Palmer Laboratory Department of Molecular Physiology and Biophysics University of Vermont College of Medicine Burlington, VT

Research Interests

Zinc, Zinc and Still More Zinc

Zinc content in the serum and/or heart is abnormally low in humans with heart failure or other conditions such as diabetes, hypertension, coronary artery disease or myocardial infarction. Amazingly, cardiac zinc content positively correlates with ejection fraction in humans with coronary artery disease (r=0.428, P<0.05; Oster et al. Eur Heart J. 1993). Elevated cardiac zinc status also preserves cardiac function in the face of oxidative stress associated with ischemia/reperfusion or diabetes. Zinc most likely provides cardioprotection and improves cardiac function through its effects on Ca2+ regulation, myofilament force-production and/or proximal second messengers. It has also been suggested that zinc can act as a messenger of gene expression.

Our laboratory focuses on the effects of cardiac zinc status on Ca2+ regulation, myofilament function and gene regulation.

Zinc and Calcium Regulation in Cardiac Myocytes

Through simultaneous detection of the intracellular concentrations of Zn2+ and Ca2+ in cardiac myocytes, we (namely Ting) are able to examine Zinc and Calcium Regulation in Cardiac Myocytes Examplethe interaction between Zn2+ and Ca2+ regulation in heart muscle. See the accompanying figure, which demonstrates how Zn2+ affects cardiomyocyte performance. Surprisingly little is known about cardiac myocyte regulation of Zn2+ or about its interaction with the Ca2+ regulation. Almost all that is known is that extracellular Zn2+ passes readily through the sarcolemmal L-type channel and competitively inhibits the inward Ca2+ current. Relaxation function after extracellular Zn2+ removal, however, remains enhanced and cannot be explained by effects on inward calcium current. It appears then that Zn2+ competes for or modulates the function of other Ca2+ regulatory proteins. We (Ting again) are testing the hypothesis that [Zn2+]int improves cardiac diastolic function by lowering Ca2+ load in the sarcoplasmic reticulum and/or enhancing Na+-dependent Ca2+ efflux, thus ultimately lowering total intracellular calcium content.

Our colleague Dr. Stefan Vogt at Argonne National Laboratories measures the spatial distribution of zinc in single cardiac myocytes. This work is particularly important as it provides a direct measure of the interaction and displacement of cardiac calcium by zinc.
Stefan Vogt Example

Zinc and Cardiac Myofilament Function

We (Yuan and Brad) examine cardiac myofilament function using small amplitude length perturbation analysis. We have so far demonstrated that zinc can affect the time of acto-myosin crossbridge attachment (also called time-on), reduce isometric tension and raise maximum shortening velocity. Our colleagues Drs. Peter VanBuren and Yaser Cheema use the myosin motility assay to further examine the effects of zinc on myosin, actin and the thin filament regulatory proteins.

Zinc and Cardiac Gene Regulation in Left Ventricular Hypertrophy

We (Yuan and Maria) have undertaken the study of cardiac zinc status on the development of left ventricular hypertrophy due to experimental pressure overload. The data are pouring in, but it will take time to collect it all and then analyze. Come back at the end of 2009 for a possible update.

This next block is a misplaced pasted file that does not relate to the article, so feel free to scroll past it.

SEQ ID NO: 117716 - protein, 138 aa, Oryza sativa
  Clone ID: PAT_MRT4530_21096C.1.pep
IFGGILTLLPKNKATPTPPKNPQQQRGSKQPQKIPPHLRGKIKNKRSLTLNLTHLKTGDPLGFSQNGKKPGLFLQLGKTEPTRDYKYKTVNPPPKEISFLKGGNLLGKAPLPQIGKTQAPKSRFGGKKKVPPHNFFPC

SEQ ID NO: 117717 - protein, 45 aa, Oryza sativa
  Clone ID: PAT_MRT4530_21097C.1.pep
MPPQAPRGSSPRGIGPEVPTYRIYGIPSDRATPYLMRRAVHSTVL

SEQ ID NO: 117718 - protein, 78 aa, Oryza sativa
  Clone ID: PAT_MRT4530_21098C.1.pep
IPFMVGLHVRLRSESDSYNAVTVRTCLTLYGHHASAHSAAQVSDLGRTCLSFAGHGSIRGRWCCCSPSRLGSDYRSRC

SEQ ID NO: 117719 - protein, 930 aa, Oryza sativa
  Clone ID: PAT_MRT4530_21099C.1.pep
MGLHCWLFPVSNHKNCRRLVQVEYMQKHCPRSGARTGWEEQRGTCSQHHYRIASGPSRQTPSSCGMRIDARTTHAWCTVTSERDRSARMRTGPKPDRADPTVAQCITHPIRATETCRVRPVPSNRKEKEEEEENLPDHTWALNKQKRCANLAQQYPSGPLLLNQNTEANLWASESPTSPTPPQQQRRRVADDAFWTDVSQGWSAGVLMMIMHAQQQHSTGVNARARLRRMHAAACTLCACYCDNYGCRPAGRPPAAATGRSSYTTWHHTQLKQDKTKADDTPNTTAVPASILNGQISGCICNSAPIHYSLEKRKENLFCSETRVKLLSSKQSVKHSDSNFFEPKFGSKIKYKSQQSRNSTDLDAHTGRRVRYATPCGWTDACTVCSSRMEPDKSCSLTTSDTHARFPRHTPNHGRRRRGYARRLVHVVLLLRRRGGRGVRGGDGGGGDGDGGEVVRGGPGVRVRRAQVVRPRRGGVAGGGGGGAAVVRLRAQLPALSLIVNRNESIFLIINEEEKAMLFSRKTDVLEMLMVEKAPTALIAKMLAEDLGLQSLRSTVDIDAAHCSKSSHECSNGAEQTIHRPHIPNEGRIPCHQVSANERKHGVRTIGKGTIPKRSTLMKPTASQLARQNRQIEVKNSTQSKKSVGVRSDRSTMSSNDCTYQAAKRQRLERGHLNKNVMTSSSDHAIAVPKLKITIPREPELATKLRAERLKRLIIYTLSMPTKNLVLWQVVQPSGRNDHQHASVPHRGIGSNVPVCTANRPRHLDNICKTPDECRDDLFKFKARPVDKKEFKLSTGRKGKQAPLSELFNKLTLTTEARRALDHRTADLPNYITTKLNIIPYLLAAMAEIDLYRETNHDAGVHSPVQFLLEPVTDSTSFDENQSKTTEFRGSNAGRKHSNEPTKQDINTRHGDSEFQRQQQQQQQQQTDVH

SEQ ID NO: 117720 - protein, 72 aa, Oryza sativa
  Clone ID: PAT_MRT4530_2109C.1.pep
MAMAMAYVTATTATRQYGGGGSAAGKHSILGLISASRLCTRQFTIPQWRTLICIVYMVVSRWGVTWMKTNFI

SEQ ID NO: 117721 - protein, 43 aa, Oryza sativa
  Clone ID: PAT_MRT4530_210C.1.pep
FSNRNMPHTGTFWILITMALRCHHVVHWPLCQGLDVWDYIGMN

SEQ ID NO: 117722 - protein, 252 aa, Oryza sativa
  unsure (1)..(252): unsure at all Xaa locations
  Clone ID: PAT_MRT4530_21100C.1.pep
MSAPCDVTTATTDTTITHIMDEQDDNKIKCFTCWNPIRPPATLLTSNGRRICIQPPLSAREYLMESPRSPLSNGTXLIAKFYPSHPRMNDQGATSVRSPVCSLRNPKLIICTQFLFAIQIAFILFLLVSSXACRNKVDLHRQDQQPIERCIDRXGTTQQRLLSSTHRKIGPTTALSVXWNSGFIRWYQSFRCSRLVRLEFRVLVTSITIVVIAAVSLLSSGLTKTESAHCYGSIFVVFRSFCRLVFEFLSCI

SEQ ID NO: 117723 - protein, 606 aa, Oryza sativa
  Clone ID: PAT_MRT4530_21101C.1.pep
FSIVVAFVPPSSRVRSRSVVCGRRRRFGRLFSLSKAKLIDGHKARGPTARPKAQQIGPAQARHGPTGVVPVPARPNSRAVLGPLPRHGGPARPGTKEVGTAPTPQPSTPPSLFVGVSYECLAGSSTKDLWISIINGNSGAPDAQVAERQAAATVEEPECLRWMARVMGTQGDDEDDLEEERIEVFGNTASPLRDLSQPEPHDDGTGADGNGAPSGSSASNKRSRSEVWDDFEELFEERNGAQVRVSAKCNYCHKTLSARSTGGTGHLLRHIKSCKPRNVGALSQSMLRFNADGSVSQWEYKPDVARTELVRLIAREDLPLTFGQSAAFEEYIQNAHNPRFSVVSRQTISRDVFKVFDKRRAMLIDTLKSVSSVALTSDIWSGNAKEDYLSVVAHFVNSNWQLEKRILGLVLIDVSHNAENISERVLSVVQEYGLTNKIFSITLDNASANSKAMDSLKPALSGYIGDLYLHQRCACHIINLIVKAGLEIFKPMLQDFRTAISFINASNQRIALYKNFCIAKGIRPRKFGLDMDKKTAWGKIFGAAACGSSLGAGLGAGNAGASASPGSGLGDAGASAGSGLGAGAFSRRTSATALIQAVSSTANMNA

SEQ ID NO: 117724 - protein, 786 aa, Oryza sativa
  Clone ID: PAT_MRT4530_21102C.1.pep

Human Cardiac Myofilament Function

We (Yuan and Brad) examine cardiac myofilament function to characterize calcium activation, force production, load-dependent shortening velocity and acto-myosin crossbridge time-on. Cardiac biopsy samples are taken from human epicardium during cardiothoracic surgery. Human Cardiac Myofilament Function ExampleIn close collaboration with our colleague Dr. Martin LeWinter, our data regarding myofilament function are then used to identify myofilament-based mechanisms of cardiac function specific to patient sex, age, body-mass index, disease and other conditions. We have published, for example, a set of data showing that myofilament performance is reduced in females with diabetes, but not in males with diabetes.

Mathematical Modeling of Myofilament Mechanics

We (Bert and Brad) develop methods and mathematical models, which permit our identifying and characterizing molecular mechanics based on macroscopic measurements of myofilament function. Bert has developed a model of thin filament activation and myofilament force production that incorporates three-dimensional spatial organization of the myofilaments. Bert is currently working on the development of a white-noise analysis approach to length perturbation analysis that will characterize in only seconds the mechanical frequency response of myofilaments and will characterize the non-linear mechanical response. Brad is continuing his development of a mathematical model of the mechanical consequences of acto-myosin crossbridge kinetics.

Myosin Binding Protein-C and Cardiac Myofilament Function

Myosin binding protein-C resides in the thick filament at ~43 nm intervals, i.e., every third myosin crown. The C-terminus of MyBP-C appears to strengthen the structural integrity of the thick filament. The function of the N-terminus, however, is not well understood. In collaboration with our colleagues Drs. Jeffrey Robbins, David Warshaw and Jim Vigoreaux, we examine the effects of MyBP-C and specific mutations of the protein on myofilament function.